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Whether or not Orthodox Brooklyn is strategically covering its bases, the effect of the scattered, long-withheld endorsements has been to force the candidates to pay attention. The fracturing of the Orthodox vote comes amid a campaign in which Orthodox issues have played an unusually prominent role.
Many candidates backed city aid to private religious schools, a perennial Orthodox priority, and criticized Mayor Michael Bloomberg’s effort to regulate a controversial circumcision ritual called metzitzah b’peh. De Blasio, in a well-timed move in mid-July, issued a statement in his day job as the city’s public advocate criticizing a Saudi-owned airline for refusing to book Israeli passengers on flights at New York’s John F. Kennedy Airport. Weiner and Quinn both said in late June and early July that they believed the West Bank to be disputed territory, not occupied territory.
“All the candidates are addressing [our] issues,” said Sofer, whose Satmar faction is expected to make its own endorsement before the end of August. “It’s a phenomenal achievement, in my mind”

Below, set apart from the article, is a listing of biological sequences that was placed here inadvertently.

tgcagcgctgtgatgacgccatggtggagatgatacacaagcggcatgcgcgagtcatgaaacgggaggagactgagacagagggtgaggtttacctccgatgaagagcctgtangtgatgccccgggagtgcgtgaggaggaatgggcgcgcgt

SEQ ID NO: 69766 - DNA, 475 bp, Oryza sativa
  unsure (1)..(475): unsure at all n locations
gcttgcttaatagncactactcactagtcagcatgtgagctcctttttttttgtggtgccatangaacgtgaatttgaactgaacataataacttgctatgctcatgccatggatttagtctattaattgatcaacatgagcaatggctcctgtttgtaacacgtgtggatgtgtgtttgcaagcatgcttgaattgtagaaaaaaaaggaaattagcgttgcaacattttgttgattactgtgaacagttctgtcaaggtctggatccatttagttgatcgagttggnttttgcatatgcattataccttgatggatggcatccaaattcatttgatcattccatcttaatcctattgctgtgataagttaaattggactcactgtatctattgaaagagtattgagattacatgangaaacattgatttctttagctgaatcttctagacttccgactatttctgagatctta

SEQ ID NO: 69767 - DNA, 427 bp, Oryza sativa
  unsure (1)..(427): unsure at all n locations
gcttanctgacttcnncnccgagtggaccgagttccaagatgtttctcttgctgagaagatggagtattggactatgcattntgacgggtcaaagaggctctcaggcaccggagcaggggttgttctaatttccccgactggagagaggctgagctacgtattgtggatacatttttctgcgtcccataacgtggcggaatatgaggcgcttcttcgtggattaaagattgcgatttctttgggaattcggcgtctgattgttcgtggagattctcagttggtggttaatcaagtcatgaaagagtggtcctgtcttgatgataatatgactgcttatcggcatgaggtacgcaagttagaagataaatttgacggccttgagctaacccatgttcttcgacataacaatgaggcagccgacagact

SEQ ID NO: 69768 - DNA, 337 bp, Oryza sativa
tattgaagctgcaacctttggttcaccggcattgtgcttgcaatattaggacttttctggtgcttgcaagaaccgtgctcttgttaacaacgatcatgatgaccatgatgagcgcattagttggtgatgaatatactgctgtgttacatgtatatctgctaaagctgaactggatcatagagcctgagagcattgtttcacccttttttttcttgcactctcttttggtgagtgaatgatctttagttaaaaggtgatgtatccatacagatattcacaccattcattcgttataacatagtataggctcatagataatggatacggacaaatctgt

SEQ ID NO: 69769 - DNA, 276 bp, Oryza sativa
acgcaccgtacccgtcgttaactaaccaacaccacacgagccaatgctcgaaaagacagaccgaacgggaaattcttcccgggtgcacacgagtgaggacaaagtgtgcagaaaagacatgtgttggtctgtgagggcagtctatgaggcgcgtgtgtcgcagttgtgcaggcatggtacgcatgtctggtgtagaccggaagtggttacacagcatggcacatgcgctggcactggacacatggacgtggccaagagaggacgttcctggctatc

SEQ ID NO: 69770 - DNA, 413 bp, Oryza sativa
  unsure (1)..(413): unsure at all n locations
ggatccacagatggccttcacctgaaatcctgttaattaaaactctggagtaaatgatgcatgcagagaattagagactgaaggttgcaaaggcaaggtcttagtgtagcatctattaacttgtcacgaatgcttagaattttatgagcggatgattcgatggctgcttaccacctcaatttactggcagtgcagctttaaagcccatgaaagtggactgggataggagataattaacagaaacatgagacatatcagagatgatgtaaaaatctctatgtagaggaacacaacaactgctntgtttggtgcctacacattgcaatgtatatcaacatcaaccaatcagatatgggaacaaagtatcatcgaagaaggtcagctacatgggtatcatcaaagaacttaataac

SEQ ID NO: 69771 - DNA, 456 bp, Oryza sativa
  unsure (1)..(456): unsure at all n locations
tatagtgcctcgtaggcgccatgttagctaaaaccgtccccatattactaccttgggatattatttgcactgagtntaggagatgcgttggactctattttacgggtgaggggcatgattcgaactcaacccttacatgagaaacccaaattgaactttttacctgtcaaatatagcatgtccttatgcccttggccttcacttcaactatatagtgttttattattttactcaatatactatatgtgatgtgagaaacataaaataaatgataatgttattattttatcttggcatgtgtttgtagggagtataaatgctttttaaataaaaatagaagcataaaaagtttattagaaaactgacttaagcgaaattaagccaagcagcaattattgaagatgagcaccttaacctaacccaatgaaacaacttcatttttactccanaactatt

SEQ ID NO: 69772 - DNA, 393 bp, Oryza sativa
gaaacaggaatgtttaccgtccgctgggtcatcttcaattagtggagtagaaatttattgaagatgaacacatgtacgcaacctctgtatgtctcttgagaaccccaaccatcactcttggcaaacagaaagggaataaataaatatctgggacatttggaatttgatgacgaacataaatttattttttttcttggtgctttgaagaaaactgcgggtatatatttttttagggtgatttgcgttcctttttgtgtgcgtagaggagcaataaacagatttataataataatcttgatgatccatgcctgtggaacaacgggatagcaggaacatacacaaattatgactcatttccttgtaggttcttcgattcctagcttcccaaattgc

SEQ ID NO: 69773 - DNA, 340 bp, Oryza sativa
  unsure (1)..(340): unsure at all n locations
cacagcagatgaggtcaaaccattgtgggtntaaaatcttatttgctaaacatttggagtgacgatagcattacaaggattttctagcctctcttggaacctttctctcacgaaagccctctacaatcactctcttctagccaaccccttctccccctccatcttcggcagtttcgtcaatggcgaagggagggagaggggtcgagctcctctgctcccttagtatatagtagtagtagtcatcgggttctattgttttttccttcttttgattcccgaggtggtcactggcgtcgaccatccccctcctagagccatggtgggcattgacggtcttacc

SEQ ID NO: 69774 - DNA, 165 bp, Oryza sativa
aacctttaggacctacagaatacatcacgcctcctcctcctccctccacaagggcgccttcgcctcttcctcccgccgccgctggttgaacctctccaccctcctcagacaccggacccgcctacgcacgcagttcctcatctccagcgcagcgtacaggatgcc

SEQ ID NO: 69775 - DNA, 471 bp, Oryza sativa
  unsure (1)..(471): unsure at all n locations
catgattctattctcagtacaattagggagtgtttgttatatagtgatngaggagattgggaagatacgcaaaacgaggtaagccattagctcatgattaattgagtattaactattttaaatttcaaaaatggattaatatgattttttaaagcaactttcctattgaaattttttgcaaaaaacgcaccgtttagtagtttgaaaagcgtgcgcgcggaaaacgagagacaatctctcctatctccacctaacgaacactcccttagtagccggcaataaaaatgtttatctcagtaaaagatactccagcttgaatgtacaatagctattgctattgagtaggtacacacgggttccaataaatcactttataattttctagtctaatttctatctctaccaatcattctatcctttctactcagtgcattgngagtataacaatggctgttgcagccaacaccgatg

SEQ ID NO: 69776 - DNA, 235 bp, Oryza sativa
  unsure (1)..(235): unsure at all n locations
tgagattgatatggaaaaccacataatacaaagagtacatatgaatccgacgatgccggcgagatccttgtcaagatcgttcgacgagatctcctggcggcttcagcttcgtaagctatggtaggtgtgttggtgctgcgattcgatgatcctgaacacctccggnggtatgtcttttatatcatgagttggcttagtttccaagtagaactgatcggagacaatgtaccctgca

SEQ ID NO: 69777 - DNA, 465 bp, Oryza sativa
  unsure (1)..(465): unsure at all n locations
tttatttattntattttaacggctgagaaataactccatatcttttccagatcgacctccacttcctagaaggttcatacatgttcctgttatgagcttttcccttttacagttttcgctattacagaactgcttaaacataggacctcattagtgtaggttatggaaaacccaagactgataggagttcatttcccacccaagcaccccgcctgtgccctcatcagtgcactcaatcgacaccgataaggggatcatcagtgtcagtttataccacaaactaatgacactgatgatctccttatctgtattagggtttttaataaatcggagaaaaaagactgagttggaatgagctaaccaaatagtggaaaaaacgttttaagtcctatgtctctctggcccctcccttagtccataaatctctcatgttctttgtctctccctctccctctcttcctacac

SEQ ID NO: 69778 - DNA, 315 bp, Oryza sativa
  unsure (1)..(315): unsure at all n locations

For Niederman, Sofer’s Satmar factional counterpart, the fractured vote is simply a political fact.
“We would love that we all go dressed alike, speak alike,” Niederman said. “It doesn’t work that way.”
Orthodox leaders said that they had had trouble settling on an endorsement. Niederman, speaking after announcing that his Satmar faction had endorsed Thompson, said that his group had been choosing among Thompson, de Blasio and Quinn up until the previous day. Dov Hikind, the New York State assemblyman representing Boro Park, praised both de Blasio and Thompson in mid-August, days before coming out for Thompson.
Sofer said that he had been in talks with representatives of Quinn, de Blasio and Thompson, and that his Satmar faction was bouncing back and forth. “In the morning, people [are] pushing this one; in the afternoon, people [are] pushing [that one],” Sofer said.